NEW Property cooling measures 2022: 3 Things To Know

September 2022

The government has introduced a new set of property cooling measures, less than a year from the previous cooling measures released on 16 Dec 2021.

hdb mas press release

The measures were released jointly by the Monetary Authority of Singapore (MAS), the Ministry of National Development (MND) and HDB and will take effect on 30 September 2022 with immediate effect.

You can read them from the link here or the BT press release [PDF] here.

With that, lets summarize all these into 3 quick things to know about the cooling measures in layman terms.

1. Higher 0.5% Interest Rate Floor

MAS will raise by 0.5% percentage points for the medium-term interest rate floor used by private financial institutions to compute a borrower’s TDSR and MSR.

The revised medium-term interest rates are:

This mainly applies to the mortgage equity withdrawal loans (MWLs) – loans secured against the value of the borrower’s residential property.

This is not to be confused with the actual interest rates charged for mortgages as they will continue to be determined by the private financial institutions.

TLDR: When Financial Institutions (i.e. DBS or UOB) calculate a borrower’s monthly property loan instalments, they are required to use the higher of the medium-term interest rate floor and the thereafter interest rate. This just means the maximum loan amount will be reduced accordingly.

2. Reduced LTV for HDB loans

HDB will introduce an interest rate floor of 3% for computing the eligible loan amount and will apply for an HDB Loan Eligibility (HLE) letters received after 30 Sep 2022, 00:00 hours.

*Note* – This will not affect the actual HDB concessionary interest rate, which will remain unchanged at 2.6% p.a. It will only mean your maximum HDB loan may be reduced accordingly.

On top of that, the Loan-to-Value (LTV) limit for HDB housing loans will be cut from 85% to 80% from 30 Sep 2022 onwards. This means you can loan up to 80% of the purchase price/property value.

An example is where you are buying the $1 million HDB flat, you can only borrow $800,000 and have to fork out $200,000 in downpayment – either by cash and/or CPF OA.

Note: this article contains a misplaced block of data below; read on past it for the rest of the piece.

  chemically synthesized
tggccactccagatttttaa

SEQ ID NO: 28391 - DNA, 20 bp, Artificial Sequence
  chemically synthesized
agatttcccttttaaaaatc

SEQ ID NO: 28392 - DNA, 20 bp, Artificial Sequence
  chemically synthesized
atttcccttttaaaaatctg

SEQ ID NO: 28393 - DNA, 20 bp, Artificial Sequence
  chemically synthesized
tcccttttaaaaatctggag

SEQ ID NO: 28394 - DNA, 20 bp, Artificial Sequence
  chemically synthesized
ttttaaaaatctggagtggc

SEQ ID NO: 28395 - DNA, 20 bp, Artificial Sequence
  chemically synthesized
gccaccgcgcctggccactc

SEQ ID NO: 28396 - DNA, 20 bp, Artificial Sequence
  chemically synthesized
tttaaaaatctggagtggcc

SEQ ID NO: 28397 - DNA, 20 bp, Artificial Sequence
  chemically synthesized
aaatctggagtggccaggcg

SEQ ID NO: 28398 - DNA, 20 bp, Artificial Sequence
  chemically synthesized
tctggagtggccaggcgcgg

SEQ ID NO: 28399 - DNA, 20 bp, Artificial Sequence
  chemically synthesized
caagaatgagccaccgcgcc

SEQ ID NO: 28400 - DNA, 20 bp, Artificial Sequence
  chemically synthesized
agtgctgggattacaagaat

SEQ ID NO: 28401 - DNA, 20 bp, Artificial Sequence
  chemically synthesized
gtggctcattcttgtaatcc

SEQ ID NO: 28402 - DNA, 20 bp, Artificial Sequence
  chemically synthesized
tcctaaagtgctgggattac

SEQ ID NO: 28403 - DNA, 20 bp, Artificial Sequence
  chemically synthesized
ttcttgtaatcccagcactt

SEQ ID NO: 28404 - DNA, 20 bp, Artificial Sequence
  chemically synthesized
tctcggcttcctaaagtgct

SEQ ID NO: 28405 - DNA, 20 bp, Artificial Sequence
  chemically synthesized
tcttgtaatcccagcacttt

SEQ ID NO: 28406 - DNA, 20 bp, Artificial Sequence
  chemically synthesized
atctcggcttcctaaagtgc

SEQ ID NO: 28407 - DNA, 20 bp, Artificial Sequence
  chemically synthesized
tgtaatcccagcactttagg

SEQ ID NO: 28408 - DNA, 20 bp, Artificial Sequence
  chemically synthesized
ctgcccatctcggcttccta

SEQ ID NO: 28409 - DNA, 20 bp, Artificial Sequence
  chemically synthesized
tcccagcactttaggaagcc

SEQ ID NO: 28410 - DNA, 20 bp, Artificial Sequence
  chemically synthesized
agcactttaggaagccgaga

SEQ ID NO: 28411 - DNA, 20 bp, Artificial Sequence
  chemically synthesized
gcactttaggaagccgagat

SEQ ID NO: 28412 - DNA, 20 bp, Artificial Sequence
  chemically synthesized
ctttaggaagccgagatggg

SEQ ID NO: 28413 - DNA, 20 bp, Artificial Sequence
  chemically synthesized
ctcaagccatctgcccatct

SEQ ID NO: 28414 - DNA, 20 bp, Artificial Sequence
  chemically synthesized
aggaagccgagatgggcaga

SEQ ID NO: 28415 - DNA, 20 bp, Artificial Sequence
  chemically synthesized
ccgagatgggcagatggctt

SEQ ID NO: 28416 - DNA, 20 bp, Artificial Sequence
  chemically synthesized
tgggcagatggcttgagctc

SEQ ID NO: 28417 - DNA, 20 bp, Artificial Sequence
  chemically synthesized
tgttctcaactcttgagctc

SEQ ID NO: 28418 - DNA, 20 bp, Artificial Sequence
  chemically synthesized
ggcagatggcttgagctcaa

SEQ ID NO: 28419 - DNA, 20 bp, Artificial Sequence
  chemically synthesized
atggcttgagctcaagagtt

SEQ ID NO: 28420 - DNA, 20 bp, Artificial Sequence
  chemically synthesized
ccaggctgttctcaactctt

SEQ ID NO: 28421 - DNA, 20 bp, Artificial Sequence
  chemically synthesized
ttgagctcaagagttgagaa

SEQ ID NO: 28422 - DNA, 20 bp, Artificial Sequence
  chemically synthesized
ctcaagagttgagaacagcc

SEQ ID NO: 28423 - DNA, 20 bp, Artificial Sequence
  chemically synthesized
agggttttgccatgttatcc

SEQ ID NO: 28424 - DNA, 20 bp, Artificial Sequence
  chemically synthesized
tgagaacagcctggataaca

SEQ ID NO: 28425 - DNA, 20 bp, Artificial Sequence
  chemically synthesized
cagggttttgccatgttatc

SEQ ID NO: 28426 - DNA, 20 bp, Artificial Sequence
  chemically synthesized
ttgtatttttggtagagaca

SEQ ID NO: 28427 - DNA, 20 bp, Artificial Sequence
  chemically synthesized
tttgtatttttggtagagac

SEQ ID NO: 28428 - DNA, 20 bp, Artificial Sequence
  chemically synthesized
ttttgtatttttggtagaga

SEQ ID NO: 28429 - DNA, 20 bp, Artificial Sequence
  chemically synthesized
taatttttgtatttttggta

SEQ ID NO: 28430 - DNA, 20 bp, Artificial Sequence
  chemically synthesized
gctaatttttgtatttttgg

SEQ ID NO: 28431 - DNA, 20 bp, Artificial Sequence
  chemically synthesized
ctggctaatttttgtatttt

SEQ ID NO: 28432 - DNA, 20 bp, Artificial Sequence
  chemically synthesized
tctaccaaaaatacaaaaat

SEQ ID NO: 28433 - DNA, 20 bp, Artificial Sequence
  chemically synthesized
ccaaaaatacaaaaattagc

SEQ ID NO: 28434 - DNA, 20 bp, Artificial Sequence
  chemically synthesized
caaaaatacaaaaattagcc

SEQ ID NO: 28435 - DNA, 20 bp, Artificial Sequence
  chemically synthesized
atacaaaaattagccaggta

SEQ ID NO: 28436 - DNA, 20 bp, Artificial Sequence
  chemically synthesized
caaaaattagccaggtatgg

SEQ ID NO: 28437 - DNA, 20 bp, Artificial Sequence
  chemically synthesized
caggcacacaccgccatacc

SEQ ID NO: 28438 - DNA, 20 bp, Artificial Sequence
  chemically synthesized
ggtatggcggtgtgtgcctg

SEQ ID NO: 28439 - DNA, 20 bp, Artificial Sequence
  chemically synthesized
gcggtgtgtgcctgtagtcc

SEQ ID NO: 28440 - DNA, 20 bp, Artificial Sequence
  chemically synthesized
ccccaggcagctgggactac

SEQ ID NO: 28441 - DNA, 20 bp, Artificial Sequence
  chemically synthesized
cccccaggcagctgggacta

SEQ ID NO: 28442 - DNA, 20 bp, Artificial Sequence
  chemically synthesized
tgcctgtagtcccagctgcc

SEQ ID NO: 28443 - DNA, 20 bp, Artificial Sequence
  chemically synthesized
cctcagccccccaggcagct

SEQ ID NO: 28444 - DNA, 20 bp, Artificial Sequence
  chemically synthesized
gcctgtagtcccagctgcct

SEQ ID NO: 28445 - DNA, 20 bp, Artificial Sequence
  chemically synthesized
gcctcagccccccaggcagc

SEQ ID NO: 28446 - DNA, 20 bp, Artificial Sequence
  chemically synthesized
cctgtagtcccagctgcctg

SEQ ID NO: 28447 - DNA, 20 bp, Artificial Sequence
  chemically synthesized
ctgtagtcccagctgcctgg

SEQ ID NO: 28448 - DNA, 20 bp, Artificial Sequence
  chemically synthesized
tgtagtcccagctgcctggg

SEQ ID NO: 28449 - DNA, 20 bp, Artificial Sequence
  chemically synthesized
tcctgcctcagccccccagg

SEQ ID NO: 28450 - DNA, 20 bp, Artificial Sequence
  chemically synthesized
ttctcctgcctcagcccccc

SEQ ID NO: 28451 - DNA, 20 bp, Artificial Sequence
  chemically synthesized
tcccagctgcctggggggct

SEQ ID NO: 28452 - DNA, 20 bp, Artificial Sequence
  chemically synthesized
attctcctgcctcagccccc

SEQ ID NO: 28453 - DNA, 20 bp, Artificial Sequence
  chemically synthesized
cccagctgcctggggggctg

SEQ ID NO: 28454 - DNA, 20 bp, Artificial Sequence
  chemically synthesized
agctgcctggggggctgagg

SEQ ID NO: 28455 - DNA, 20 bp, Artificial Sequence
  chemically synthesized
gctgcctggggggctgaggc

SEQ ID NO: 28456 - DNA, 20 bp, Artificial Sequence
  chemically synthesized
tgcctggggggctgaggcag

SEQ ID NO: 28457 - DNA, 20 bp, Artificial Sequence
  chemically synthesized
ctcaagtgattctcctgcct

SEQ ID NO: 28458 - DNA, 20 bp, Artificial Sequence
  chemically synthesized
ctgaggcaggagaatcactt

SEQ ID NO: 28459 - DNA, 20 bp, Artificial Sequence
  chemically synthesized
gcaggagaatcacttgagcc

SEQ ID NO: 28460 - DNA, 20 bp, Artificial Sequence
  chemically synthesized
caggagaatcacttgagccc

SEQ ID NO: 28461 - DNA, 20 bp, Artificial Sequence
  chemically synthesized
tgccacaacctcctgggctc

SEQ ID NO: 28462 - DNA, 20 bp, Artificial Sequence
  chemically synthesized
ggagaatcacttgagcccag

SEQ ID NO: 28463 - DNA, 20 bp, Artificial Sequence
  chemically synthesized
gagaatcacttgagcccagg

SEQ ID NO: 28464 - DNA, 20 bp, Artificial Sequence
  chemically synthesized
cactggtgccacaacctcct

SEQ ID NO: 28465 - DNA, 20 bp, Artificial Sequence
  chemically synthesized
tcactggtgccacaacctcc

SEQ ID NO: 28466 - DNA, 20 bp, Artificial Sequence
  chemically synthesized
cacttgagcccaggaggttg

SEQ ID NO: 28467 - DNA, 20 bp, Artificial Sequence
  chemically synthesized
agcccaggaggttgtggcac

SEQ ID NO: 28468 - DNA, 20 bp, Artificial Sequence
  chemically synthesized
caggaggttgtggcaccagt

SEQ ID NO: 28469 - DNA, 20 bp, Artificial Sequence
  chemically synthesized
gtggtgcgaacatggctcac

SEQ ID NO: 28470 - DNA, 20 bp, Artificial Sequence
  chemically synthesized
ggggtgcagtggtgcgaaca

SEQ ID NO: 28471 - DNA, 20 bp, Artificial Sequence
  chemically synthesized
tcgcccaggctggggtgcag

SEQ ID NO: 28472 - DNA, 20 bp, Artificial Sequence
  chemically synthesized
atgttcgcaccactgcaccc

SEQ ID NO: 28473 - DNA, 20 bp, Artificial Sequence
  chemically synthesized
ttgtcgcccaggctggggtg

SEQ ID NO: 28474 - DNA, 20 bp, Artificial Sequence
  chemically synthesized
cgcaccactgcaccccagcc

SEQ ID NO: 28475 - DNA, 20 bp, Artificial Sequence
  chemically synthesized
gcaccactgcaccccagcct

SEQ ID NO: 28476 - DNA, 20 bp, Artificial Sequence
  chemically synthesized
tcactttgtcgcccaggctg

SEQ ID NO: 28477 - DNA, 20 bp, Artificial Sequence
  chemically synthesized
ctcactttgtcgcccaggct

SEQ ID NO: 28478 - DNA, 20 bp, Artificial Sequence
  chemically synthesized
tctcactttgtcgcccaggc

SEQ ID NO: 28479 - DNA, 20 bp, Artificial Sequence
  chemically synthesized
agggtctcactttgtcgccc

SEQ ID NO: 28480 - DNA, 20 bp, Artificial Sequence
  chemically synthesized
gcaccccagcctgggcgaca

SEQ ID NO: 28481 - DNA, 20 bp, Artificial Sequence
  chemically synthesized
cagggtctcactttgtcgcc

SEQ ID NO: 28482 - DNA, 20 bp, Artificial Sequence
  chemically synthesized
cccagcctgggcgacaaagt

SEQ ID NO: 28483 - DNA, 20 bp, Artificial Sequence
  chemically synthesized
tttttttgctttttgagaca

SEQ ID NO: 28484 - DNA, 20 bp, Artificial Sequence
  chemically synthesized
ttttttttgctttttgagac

The revised LTV limit does not apply to loans granted by private financial institutions, for which the LTV limit remains at 75%.

3. Longer Wait-out Periods for ‘HDB Downgraders’

Previously, private property owners are able to buy a HDB resale flat when they sell their private properties within 6 months of the HDB flat purchase.

In order to further moderate demand in the HDB resale market, the government will impose a wait-out period of 15 months for private residential property owners as well as former private property owners to buy a non-subsidised HDB resale flat.

The new requirement is “a temporary measure which will be reviewed in future depending on overall market conditions and housing demand”.

The wait-out period will be exempted for seniors aged 55 and above who are downgrading from a private property to a 4-room or smaller resale flat.

Summary

All in all, it is very clear that the Singapore Government is taking additional steps to ensure prudent borrowing and avoid future difficulties in servicing home loans.

They are of the view that market interest rates have risen significantly. Many banks have suspended their fixed rate loan packages and going for floating loans pegged to SORA + X% as seen in the table below.

Singapore property loan
Source: Redbrick.sg

Despite interest rates expected to increase further, the government is still seeing many million-dollar HDB flats changing hands. This is perhaps the last straw behind the new cooling measures such as tightening the maximum loan quantum limits and ridiculously long (temporary) wait-out periods for downgraders.

Property Market Winners and Losers

In my personal opinion, the impact of the cooling measures is not that severe as the TDSR and MSR remains unchanged at 55% and 30% respectively.

They are targeted to reduce the ‘red-hot’ property prices so that people are not overly stretching their limits. Another reason is probably to tell the public that the government is constantly monitoring the property market as well.


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Hence, the obvious losers here will be the property developers i.e. City Developments, UOL, Oxley, GuocoLand because they probably have to reduce their sky-high prices (ahem – AMO Residences) or face lower sales volume in future.

In turn, property agencies like Apac Realty (ERA) and Propnex may see some impact as well due to the long wait-out periods.

A stable property market will benefit the financial institutions such as DBS, UOB, OCBC and even Singapura Finance because they will make more $$ from floating + higher interest rates provided that there are not too many property defaults like China (ouch!).

Lastly, there is likely a muted impact on construction firms like Lian Beng, Chip Eng Seng, Hock Lian Seng since lower residential building demand will be replaced by higher public sector and commercial building demand as hotels and attractions undergo refurbishment to prepare for inbound tourism revival and asset enhancement.

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